Proposed Bill Seeks ‘Clarity' on Role of School Resource Officers

The discussion surrounding Connecticut school resource officers and their role in student discipline continued in Hartford on Wednesday as lawmakers and activists introduced a new bill on the topic.

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Wednesday’s message from legislators and activists left little for interpretation, as they introduced a new bill seeking clarity on the use and responsibilities of school resource officers in Connecticut. They said there are people, and other modes that should be used to address student behavior.

“Connecticut’s legislature must work harder to fund alternative solutions to school resource officers, such as appropriately trained school counselors, social workers, psychologists, aids, community health workers even to meet the compounding and growing needs of youth,” said Claudine Constant, public policy and advocacy director for the American Civil Liberties Union of Connecticut.

Sen. Gary Winfield (D - New Haven) introduced a bill seeking to address this issue. He said children of color are disproportionately ending up in the nation’s criminal justice system, but hopes this legislation tackles the issue through the roots of education.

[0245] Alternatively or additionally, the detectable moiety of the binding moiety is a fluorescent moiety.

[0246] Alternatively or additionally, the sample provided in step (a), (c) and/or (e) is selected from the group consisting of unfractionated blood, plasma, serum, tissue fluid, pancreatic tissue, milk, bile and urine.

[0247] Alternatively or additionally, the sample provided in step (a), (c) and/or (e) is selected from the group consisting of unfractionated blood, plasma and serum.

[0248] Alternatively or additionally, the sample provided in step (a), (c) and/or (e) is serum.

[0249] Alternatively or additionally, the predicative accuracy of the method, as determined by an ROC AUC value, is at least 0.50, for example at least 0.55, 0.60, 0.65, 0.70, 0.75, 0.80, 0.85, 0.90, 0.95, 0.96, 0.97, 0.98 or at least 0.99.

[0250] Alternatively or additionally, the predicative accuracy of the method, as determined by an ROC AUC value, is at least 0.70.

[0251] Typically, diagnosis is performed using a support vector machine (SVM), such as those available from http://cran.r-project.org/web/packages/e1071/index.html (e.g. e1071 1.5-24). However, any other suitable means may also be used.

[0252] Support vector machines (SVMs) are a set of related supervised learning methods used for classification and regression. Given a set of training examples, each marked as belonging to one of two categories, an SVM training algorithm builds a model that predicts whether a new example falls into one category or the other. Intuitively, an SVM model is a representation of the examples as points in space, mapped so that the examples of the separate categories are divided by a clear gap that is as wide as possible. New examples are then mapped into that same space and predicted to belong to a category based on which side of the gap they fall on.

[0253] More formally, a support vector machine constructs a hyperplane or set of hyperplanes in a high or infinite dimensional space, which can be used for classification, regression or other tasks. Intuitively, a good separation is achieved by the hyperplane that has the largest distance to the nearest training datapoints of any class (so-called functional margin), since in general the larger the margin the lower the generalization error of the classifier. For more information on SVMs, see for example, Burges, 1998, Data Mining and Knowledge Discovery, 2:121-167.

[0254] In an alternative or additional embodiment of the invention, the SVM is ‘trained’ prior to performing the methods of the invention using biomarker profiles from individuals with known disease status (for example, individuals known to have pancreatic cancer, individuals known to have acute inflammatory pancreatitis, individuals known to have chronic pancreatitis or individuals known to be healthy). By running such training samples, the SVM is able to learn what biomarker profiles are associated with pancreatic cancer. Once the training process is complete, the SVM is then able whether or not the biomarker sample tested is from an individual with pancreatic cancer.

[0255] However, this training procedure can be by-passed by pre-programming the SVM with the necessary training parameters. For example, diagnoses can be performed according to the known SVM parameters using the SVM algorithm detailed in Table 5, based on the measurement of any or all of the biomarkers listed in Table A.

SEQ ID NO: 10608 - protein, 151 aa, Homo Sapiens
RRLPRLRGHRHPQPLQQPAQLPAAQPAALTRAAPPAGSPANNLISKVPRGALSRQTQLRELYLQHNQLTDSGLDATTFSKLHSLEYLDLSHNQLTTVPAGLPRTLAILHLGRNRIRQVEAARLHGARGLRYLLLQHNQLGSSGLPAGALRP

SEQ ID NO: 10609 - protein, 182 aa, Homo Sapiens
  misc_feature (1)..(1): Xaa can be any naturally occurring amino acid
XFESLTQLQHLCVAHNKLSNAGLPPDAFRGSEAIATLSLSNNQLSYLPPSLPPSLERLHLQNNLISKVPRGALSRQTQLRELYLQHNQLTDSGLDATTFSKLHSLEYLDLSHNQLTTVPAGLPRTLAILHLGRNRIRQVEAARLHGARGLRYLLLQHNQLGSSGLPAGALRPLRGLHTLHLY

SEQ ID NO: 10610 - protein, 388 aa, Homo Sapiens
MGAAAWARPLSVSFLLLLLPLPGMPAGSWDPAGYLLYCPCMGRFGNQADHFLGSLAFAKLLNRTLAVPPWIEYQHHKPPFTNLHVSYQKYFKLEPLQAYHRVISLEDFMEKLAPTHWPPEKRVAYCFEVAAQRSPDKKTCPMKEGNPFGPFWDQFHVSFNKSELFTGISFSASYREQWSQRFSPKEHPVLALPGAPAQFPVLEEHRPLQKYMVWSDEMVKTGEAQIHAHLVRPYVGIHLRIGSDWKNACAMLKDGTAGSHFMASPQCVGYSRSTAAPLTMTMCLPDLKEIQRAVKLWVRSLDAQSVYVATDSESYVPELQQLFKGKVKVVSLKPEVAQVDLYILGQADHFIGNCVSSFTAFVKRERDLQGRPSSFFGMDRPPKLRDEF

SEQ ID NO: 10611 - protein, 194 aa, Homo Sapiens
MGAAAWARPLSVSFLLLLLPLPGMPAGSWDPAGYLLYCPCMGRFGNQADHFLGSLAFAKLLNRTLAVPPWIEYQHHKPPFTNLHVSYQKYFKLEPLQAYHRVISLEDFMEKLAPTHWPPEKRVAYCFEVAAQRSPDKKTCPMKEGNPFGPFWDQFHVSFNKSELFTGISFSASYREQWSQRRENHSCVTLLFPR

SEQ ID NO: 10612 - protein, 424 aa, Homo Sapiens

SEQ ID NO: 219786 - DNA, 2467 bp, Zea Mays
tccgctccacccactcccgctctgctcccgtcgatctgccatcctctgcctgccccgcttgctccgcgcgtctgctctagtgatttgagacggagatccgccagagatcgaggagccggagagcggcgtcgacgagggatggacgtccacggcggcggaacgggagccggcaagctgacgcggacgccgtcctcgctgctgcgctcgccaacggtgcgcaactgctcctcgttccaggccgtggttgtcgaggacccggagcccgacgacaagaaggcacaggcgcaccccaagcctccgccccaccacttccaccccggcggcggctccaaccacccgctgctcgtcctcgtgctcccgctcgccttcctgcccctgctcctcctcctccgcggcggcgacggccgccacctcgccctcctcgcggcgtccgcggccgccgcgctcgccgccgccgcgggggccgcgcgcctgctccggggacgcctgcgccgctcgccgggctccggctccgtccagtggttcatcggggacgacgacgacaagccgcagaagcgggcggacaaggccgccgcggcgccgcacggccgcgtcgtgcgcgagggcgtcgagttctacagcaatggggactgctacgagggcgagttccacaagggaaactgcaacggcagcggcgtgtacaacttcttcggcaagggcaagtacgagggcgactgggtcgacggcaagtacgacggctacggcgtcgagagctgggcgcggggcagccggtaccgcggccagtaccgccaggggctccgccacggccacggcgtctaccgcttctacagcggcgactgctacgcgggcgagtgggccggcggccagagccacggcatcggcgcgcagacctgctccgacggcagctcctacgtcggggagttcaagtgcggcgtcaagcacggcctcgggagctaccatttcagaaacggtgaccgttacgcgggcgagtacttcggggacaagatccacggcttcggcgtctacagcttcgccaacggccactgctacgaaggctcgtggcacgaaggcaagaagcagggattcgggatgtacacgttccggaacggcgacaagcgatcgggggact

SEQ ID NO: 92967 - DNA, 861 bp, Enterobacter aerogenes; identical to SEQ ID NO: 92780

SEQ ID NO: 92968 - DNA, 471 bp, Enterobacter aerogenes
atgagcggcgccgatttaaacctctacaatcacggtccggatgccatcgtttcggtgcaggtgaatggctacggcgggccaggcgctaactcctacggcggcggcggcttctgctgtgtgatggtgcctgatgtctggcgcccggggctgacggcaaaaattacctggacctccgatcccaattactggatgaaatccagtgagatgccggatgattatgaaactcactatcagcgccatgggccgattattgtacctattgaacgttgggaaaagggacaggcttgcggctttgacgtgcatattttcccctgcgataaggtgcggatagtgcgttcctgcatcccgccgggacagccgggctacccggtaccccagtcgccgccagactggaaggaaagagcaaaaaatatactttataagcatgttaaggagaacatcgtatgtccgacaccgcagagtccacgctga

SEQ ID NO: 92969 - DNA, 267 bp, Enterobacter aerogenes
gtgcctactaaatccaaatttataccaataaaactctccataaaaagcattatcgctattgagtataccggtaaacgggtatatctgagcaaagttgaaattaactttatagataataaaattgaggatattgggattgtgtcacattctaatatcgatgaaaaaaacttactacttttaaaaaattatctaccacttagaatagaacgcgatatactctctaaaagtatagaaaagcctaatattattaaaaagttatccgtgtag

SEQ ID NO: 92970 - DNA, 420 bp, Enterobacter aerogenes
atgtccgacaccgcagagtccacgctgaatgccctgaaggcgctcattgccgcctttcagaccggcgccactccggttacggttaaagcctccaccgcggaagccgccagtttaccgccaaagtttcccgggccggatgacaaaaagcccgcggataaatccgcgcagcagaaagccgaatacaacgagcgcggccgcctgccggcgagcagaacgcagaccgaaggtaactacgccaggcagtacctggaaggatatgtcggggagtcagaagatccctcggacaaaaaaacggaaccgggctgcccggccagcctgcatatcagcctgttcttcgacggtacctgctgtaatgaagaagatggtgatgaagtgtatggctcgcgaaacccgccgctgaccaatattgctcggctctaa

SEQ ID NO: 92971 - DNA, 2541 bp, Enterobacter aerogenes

“We are calling for a change in the way interactions are handled, and we are calling for accountability and what these interactions actually look like with our students,” said Nicole Broadus, organizing manager at Hearing Youth Voices.

This bill is an update to legislation that was crafted roughly eight years ago.

"To establish a clear and bright line as to where discipline falls in the realm of the school and where the other stuff falls in the realm of the police,” Sen. Winfield said.

In a statement, State Rep. Greg Howard (R - Ledyard) voiced his disappointment with the bill. He acknowledged differences in approach throughout the state.

"What works in our corner of the state, may not work in others. Likewise, what doesn’t work there, may work here," Howard said. "Policymakers should be fostering more constructive ways to mentor our youth, not target effective ways that help."

Winfield and others present at Wednesday’s conversation, say the new bill represents progress, and hope it resets the groundwork for how Connecticut schools address behavior.

“It’s time that we end the school to prison pipeline, which eventually costs us more in the end and we need to prioritize equipping schools with the proper resources to help our children thrive in a safe and inclusive school environment,” Broadus said.

The bill also called for local districts to make information on the roles and responsibilities of school resource officers readily available.

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